We do this through sound application engineering combined with strong problem solving methods which have been developed throughout our history of service.

The portfolio at Innovation Sales includes fasteners, castings, powdered metal and electrical components.  The products in the portfolio are typically complimentary, therefore there may be something offered there that will be of interest to you.

The description page that is provided for PCS is pretty good as well in case you are interested in reviewing that:

http://www.innovationsales.net/pc-systems-electrical-harness.htm

If you have any questions or comments, I encourage you to contact us at PCS or the team at Innovation Sales.  I am sure that the team at Innovation Sales would welcome feedback on their new website if you are willing to provide it to them.

ERGONOMIC NIGHTMARE?

As I mentioned in an earlier post, we found a way to increase throughput at one of our machines, but the result was a rather uncomfortable working position.  Let’s take a look at the workstation and what our thought process was for improvement.

A little explanation goes a long way here.  The chair that the operator sits on is in the bottom right corner.  Most of the work is completed on the machinery on the table, centered in the photo.  Two foot pedals on the ground run the air cylinders to run the equipment.  Finally, a box of raw material is located to the left of the operator and a box of finished goods is located to the right of the operator.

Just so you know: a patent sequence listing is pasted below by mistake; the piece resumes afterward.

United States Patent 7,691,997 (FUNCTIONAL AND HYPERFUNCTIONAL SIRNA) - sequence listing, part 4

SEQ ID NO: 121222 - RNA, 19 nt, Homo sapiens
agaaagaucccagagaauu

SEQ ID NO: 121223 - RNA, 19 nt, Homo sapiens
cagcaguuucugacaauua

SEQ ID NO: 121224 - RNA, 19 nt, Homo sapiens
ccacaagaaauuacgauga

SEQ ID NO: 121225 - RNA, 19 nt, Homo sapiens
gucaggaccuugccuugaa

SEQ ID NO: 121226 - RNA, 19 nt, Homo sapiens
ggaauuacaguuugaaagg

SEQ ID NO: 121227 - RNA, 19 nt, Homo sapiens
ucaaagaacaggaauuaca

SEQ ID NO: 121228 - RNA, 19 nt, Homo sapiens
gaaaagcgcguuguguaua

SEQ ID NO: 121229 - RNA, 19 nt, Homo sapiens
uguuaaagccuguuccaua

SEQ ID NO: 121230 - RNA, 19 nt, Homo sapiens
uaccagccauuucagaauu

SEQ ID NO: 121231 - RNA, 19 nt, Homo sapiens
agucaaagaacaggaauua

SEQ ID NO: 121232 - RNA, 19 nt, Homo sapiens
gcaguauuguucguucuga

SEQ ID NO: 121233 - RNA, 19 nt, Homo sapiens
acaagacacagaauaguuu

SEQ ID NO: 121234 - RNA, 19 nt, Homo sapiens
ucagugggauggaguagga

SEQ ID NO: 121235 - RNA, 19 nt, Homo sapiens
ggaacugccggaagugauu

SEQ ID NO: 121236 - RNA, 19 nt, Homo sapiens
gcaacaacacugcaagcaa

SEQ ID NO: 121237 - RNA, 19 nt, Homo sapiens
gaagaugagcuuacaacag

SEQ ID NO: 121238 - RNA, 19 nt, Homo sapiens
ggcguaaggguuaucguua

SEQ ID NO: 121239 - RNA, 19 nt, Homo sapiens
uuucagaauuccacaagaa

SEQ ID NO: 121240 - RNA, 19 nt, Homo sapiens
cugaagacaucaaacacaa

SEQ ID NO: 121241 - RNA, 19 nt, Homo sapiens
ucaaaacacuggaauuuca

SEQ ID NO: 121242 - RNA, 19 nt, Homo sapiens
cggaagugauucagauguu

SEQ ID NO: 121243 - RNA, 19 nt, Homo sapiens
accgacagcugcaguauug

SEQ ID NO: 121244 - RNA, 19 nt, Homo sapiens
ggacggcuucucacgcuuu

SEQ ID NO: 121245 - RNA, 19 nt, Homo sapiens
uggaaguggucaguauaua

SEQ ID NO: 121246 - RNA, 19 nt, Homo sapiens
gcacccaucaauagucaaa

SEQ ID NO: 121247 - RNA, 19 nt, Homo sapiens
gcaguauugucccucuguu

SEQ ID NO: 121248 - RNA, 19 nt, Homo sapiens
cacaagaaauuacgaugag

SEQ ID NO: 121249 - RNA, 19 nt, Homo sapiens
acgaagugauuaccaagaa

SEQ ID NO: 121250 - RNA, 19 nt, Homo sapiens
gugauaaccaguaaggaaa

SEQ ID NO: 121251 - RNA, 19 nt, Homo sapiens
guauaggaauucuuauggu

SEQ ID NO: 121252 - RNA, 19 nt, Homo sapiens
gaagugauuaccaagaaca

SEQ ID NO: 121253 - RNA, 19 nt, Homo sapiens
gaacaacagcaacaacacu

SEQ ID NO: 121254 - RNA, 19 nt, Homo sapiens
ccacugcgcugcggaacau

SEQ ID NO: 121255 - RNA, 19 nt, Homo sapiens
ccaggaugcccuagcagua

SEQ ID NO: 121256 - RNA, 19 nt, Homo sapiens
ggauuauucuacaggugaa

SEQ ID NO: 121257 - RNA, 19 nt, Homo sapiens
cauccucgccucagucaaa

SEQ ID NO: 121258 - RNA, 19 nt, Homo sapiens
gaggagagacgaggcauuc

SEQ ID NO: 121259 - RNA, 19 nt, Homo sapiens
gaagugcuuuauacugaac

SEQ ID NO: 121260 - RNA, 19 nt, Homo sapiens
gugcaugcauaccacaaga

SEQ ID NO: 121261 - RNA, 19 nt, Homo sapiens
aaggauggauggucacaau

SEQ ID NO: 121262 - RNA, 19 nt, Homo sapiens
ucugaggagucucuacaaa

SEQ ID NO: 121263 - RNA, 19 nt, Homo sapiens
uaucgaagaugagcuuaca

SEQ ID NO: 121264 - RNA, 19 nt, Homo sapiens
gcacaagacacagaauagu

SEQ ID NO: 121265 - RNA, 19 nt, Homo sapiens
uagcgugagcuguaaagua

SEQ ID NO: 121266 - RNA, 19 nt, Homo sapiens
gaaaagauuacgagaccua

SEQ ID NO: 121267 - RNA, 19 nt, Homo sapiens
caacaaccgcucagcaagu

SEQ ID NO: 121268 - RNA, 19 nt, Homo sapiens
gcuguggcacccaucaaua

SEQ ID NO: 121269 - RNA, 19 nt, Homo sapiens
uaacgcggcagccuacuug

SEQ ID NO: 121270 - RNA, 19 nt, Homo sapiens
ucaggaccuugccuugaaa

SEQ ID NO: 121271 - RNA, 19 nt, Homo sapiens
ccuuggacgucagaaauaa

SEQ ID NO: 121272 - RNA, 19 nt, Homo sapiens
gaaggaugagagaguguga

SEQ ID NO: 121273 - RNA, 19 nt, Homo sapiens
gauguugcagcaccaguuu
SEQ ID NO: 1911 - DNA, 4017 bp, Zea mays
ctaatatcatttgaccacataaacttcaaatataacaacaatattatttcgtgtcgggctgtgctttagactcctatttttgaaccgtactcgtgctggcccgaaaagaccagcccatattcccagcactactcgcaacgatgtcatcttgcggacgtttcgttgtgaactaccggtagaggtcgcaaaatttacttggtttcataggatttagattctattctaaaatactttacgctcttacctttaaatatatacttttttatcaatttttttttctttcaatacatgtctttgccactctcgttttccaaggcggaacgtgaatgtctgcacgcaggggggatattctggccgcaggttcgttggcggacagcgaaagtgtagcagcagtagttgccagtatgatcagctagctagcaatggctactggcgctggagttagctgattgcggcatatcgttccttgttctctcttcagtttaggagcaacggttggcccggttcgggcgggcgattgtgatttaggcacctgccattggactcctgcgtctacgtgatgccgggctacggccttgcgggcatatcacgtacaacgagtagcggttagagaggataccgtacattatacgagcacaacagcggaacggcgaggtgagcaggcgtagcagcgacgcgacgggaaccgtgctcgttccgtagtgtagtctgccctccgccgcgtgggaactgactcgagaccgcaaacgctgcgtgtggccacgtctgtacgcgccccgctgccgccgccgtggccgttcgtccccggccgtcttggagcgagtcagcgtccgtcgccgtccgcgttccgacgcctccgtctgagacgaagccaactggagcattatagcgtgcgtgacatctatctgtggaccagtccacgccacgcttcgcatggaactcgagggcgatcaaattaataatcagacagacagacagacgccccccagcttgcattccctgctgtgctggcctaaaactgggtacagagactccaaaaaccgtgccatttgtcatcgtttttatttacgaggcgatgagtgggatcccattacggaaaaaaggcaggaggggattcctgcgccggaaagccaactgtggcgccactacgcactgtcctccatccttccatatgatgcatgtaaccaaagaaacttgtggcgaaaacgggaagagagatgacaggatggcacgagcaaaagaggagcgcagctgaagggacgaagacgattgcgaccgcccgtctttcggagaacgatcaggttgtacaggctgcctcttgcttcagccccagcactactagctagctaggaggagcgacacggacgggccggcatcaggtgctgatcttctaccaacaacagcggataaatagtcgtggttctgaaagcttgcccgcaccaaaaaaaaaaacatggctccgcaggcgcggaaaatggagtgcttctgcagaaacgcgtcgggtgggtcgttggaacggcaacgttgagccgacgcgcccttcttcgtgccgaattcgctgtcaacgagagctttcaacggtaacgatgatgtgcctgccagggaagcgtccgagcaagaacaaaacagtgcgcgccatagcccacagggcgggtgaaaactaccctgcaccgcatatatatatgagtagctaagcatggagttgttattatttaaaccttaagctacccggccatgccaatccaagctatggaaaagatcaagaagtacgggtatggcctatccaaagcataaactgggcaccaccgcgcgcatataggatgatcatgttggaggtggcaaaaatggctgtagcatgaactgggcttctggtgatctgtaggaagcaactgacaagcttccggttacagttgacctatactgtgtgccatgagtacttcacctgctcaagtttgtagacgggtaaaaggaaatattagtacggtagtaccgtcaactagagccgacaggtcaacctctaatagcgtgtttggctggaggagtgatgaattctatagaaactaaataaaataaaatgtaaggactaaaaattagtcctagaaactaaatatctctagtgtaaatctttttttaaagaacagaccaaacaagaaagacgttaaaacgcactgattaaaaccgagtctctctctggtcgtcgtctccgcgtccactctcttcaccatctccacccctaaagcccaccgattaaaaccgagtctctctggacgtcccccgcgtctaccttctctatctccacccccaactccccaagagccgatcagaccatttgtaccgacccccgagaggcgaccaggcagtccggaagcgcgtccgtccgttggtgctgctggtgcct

I have to add, this workstation looks rather archaic.  It is probably one of the oldest pieces of equipment in the plant, but it is very effective at completing the task it was designed for.

Where are the pain points?

1) Height – The chair isn’t adjustable for height.  Also, you can see an operator added a pad.  Sitting on a hard wooden seat for four hours is uncomfortable for anyone.

2) Seating Position – See that foot pedal, there is another one to the right.  The operator has to straddle the leg of the table so that he/she can get close enough to the equipment to do their job.

3) Twisting – The orientation of the boxes and the tooling requires the operator to do a considerable amount of twisting while seated.

4) Reach – The operator can’t get their legs up under the table due to the bracing.  This forces them to reach to do their job.

After soliciting some ideas from the operators, we came up with some ideas that would help address many of the issues above.  Most of the suggestions hinged around moving the leg of the table so that the operator was free to move their legs under.

We gave our Facilities Manager the green light to start cutting and welding and I think he did a spectacular job.  Here is the result:

It doesn’t look like much, but this small change made a world of difference.  Here is a summary of the improvements:

1) Height – Although not shown here, we are providing the operators with a padded adjustable height chair that allows them to rotate if needed.

2) Seating Position – We re-oriented some of the tooling to allow the operators to sit square to the table.  Their legs can be placed under the table without causing discomfort.  The foot pedals can be moved to a position that is most comfortable for the operator.

3) Twisting – As indicated above, we moved the tooling which eliminated most of the twisting.  With the new position, we can put the raw and finished good boxes to the side of the operator so that they only need to reach down to grab a part, rather than twisting and reaching outward.